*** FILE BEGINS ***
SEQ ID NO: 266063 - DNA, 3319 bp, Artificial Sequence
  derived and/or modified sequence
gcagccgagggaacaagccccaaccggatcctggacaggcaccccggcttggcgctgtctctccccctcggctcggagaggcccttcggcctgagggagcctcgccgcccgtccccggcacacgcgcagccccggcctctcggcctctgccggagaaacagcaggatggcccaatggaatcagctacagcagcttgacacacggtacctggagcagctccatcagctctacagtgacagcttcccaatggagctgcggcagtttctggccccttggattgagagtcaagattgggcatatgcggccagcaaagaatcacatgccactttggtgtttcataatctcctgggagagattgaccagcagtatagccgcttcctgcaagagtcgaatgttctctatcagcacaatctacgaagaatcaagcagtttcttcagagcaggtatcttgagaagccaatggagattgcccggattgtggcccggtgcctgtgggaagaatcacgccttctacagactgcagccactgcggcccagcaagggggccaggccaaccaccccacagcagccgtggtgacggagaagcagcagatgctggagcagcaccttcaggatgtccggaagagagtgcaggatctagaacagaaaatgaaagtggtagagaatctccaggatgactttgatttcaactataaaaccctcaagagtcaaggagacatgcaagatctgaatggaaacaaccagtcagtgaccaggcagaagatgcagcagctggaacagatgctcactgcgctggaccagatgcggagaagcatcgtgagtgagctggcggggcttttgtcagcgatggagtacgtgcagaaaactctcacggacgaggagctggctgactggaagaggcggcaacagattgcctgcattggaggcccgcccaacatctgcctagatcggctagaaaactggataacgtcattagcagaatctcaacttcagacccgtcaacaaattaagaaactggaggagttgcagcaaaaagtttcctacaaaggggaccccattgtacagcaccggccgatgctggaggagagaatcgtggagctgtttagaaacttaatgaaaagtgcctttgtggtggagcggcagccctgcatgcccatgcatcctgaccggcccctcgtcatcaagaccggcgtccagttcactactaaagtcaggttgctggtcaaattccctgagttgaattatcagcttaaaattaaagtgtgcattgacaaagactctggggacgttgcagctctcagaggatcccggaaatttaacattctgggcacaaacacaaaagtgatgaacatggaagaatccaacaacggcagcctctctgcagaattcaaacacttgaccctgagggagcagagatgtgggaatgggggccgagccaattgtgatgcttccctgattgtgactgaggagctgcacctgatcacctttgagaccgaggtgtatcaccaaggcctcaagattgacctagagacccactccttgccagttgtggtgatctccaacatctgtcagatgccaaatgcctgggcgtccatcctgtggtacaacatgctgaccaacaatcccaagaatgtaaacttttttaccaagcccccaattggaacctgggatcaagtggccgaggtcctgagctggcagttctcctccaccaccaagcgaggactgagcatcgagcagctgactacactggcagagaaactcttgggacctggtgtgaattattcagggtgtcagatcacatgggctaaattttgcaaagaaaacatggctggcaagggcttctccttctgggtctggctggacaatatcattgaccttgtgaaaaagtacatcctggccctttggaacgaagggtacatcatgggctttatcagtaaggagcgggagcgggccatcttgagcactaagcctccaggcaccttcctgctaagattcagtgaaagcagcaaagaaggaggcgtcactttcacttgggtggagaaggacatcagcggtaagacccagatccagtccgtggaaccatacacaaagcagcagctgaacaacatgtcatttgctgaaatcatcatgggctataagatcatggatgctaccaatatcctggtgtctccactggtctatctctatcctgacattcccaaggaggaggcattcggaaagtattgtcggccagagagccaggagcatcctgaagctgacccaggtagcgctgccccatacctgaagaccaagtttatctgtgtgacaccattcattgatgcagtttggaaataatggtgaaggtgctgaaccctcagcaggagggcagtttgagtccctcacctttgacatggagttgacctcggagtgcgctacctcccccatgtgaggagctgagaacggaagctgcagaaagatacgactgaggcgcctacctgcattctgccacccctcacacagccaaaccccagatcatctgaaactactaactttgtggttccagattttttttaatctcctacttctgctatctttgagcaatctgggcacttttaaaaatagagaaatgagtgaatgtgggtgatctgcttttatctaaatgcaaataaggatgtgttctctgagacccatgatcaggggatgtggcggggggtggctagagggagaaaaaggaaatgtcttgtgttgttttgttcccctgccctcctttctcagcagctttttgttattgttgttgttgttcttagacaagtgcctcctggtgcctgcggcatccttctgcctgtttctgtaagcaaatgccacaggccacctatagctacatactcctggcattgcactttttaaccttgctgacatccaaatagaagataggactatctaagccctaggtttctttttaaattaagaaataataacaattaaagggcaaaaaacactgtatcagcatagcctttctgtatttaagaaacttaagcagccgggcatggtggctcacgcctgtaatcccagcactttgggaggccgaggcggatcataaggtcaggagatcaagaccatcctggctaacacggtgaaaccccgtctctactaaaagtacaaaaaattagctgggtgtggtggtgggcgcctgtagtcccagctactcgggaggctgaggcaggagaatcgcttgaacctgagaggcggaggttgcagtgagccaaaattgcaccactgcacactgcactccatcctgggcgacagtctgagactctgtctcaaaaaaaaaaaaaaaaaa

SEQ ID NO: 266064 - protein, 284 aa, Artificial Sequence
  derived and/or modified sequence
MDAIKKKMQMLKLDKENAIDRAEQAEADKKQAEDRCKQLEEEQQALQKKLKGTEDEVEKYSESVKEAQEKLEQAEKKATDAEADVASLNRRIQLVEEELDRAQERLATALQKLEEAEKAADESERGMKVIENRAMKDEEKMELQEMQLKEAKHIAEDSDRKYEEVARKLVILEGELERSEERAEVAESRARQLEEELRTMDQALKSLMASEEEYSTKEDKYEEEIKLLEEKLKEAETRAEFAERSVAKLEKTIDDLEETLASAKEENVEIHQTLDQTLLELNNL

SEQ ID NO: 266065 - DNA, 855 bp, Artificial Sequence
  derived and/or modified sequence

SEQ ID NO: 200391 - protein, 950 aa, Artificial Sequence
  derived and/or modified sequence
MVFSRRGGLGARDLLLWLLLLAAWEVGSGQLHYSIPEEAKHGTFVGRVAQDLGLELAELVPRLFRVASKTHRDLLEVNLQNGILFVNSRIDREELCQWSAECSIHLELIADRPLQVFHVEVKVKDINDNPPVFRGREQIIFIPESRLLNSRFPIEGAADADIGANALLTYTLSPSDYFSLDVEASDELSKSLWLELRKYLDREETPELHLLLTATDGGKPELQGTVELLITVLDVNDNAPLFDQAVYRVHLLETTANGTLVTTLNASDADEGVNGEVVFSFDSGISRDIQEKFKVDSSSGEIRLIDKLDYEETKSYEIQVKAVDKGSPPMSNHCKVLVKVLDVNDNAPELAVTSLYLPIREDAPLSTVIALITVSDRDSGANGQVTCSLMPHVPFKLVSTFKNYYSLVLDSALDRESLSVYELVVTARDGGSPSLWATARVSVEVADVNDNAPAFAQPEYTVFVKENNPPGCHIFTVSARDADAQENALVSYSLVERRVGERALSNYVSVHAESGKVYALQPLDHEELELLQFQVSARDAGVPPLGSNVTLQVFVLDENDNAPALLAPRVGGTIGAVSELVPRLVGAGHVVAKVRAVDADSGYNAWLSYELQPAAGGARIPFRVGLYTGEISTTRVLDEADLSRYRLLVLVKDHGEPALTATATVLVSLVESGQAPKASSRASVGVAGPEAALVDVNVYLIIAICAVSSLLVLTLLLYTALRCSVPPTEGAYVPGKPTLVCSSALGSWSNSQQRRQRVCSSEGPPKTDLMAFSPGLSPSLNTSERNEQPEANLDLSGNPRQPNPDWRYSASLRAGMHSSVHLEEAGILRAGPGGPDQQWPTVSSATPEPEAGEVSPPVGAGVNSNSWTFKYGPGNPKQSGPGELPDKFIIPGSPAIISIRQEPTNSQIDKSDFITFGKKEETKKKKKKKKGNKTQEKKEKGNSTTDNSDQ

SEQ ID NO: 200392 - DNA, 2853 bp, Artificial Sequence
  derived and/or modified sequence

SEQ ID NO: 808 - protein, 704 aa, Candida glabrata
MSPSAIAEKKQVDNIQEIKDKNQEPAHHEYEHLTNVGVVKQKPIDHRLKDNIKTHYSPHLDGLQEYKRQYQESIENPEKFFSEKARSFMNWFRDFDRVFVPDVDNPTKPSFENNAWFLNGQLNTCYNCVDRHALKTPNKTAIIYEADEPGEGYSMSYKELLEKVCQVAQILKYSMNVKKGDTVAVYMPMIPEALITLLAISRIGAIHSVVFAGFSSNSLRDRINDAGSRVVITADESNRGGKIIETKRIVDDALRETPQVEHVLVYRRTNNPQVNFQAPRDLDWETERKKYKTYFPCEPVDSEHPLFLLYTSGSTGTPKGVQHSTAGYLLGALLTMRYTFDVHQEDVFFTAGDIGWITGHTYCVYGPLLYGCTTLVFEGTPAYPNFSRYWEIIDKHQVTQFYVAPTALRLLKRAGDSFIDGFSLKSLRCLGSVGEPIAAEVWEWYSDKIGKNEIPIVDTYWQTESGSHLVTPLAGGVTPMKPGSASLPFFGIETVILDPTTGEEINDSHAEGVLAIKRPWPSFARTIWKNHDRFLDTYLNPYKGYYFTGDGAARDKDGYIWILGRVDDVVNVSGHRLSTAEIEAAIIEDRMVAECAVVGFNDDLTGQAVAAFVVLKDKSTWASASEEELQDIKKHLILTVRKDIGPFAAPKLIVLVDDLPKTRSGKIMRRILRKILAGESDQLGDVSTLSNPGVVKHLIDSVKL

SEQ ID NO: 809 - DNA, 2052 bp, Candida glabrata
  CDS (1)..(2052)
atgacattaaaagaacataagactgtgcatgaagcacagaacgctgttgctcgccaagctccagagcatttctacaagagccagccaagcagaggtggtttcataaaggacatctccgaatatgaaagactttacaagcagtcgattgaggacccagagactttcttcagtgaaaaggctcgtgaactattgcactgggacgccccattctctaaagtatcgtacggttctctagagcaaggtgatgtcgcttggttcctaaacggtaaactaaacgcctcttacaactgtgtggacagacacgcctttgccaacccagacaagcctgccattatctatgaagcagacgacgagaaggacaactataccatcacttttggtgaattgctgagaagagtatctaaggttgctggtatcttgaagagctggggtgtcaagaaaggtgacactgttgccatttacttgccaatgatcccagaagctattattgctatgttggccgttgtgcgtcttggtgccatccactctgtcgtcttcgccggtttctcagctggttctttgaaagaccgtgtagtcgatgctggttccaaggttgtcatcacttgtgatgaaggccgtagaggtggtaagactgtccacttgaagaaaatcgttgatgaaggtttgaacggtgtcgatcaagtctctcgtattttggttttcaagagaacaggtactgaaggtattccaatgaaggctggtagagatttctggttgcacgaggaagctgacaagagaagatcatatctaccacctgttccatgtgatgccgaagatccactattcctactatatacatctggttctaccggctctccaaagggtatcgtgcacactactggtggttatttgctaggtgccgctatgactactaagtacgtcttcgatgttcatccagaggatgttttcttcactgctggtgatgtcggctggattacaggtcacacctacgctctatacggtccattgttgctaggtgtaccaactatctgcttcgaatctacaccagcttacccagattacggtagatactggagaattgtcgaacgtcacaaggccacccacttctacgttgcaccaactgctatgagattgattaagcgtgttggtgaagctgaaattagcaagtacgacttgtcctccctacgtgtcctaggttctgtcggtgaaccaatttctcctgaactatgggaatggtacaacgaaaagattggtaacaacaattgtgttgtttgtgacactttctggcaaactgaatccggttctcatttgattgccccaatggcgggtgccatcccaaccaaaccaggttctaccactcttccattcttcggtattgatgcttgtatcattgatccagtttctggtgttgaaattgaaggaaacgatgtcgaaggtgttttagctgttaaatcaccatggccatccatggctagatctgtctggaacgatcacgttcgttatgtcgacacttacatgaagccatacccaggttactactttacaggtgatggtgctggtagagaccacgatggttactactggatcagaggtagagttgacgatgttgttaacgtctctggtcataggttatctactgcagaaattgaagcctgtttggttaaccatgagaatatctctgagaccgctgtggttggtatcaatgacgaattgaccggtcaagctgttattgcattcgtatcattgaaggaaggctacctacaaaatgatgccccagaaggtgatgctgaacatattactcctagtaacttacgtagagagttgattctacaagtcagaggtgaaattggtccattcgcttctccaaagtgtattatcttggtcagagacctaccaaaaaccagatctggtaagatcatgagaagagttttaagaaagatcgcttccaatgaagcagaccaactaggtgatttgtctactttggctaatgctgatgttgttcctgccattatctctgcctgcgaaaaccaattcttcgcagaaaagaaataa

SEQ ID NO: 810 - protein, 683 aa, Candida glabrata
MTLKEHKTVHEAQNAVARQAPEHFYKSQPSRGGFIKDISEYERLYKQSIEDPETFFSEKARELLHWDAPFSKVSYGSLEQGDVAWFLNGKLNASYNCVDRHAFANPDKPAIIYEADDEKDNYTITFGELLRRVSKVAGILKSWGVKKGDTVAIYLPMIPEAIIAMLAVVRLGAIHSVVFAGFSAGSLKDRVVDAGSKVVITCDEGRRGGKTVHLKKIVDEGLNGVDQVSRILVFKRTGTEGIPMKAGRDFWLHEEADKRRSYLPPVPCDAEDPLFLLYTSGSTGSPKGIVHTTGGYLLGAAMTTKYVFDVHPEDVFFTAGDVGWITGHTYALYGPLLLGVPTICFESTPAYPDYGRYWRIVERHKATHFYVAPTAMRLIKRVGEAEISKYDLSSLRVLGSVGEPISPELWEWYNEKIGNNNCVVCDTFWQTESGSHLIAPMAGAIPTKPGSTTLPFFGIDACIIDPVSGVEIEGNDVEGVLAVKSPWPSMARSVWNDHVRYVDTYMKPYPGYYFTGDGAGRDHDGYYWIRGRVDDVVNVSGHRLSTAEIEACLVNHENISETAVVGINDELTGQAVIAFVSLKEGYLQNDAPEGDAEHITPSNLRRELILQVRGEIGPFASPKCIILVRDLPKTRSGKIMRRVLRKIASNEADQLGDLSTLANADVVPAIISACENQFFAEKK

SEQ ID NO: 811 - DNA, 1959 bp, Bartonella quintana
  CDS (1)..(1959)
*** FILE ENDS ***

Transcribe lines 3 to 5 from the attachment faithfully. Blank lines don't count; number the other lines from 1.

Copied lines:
gcagccgagggaacaagccccaaccggatcctggacaggcaccccggcttggcgctgtctctccccctcggctcggagaggcccttcggcctgagggagcctcgccgcccgtccccggcacacgcgcagccccggcctctcggcctctgccggagaaacagcaggatggcccaatggaatcagctacagcagcttgacacacggtacctggagcagctccatcagctctacagtgacagcttcccaatggagctgcggcagtttctggccccttggattgagagtcaagattgggcatatgcggccagcaaagaatcacatgccactttggtgtttcataatctcctgggagagattgaccagcagtatagccgcttcctgcaagagtcgaatgttctctatcagcacaatctacgaagaatcaagcagtttcttcagagcaggtatcttgagaagccaatggagattgcccggattgtggcccggtgcctgtgggaagaatcacgccttctacagactgcagccactgcggcccagcaagggggccaggccaaccaccccacagcagccgtggtgacggagaagcagcagatgctggagcagcaccttcaggatgtccggaagagagtgcaggatctagaacagaaaatgaaagtggtagagaatctccaggatgactttgatttcaactataaaaccctcaagagtcaaggagacatgcaagatctgaatggaaacaaccagtcagtgaccaggcagaagatgcagcagctggaacagatgctcactgcgctggaccagatgcggagaagcatcgtgagtgagctggcggggcttttgtcagcgatggagtacgtgcagaaaactctcacggacgaggagctggctgactggaagaggcggcaacagattgcctgcattggaggcccgcccaacatctgcctagatcggctagaaaactggataacgtcattagcagaatctcaacttcagacccgtcaacaaattaagaaactggaggagttgcagcaaaaagtttcctacaaaggggaccccattgtacagcaccggccgatgctggaggagagaatcgtggagctgtttagaaacttaatgaaaagtgcctttgtggtggagcggcagccctgcatgcccatgcatcctgaccggcccctcgtcatcaagaccggcgtccagttcactactaaagtcaggttgctggtcaaattccctgagttgaattatcagcttaaaattaaagtgtgcattgacaaagactctggggacgttgcagctctcagaggatcccggaaatttaacattctgggcacaaacacaaaagtgatgaacatggaagaatccaacaacggcagcctctctgcagaattcaaacacttgaccctgagggagcagagatgtgggaatgggggccgagccaattgtgatgcttccctgattgtgactgaggagctgcacctgatcacctttgagaccgaggtgtatcaccaaggcctcaagattgacctagagacccactccttgccagttgtggtgatctccaacatctgtcagatgccaaatgcctgggcgtccatcctgtggtacaacatgctgaccaacaatcccaagaatgtaaacttttttaccaagcccccaattggaacctgggatcaagtggccgaggtcctgagctggcagttctcctccaccaccaagcgaggactgagcatcgagcagctgactacactggcagagaaactcttgggacctggtgtgaattattcagggtgtcagatcacatgggctaaattttgcaaagaaaacatggctggcaagggcttctccttctgggtctggctggacaatatcattgaccttgtgaaaaagtacatcctggccctttggaacgaagggtacatcatgggctttatcagtaaggagcgggagcgggccatcttgagcactaagcctccaggcaccttcctgctaagattcagtgaaagcagcaaagaaggaggcgtcactttcacttgggtggagaaggacatcagcggtaagacccagatccagtccgtggaaccatacacaaagcagcagctgaacaacatgtcatttgctgaaatcatcatgggctataagatcatggatgctaccaatatcctggtgtctccactggtctatctctatcctgacattcccaaggaggaggcattcggaaagtattgtcggccagagagccaggagcatcctgaagctgacccaggtagcgctgccccatacctgaagaccaagtttatctgtgtgacaccattcattgatgcagtttggaaataatggtgaaggtgctgaaccctcagcaggagggcagtttgagtccctcacctttgacatggagttgacctcggagtgcgctacctcccccatgtgaggagctgagaacggaagctgcagaaagatacgactgaggcgcctacctgcattctgccacccctcacacagccaaaccccagatcatctgaaactactaactttgtggttccagattttttttaatctcctacttctgctatctttgagcaatctgggcacttttaaaaatagagaaatgagtgaatgtgggtgatctgcttttatctaaatgcaaataaggatgtgttctctgagacccatgatcaggggatgtggcggggggtggctagagggagaaaaaggaaatgtcttgtgttgttttgttcccctgccctcctttctcagcagctttttgttattgttgttgttgttcttagacaagtgcctcctggtgcctgcggcatccttctgcctgtttctgtaagcaaatgccacaggccacctatagctacatactcctggcattgcactttttaaccttgctgacatccaaatagaagataggactatctaagccctaggtttctttttaaattaagaaataataacaattaaagggcaaaaaacactgtatcagcatagcctttctgtatttaagaaacttaagcagccgggcatggtggctcacgcctgtaatcccagcactttgggaggccgaggcggatcataaggtcaggagatcaagaccatcctggctaacacggtgaaaccccgtctctactaaaagtacaaaaaattagctgggtgtggtggtgggcgcctgtagtcccagctactcgggaggctgaggcaggagaatcgcttgaacctgagaggcggaggttgcagtgagccaaaattgcaccactgcacactgcactccatcctgggcgacagtctgagactctgtctcaaaaaaaaaaaaaaaaaa

SEQ ID NO: 266064 - protein, 284 aa, Artificial Sequence
  derived and/or modified sequence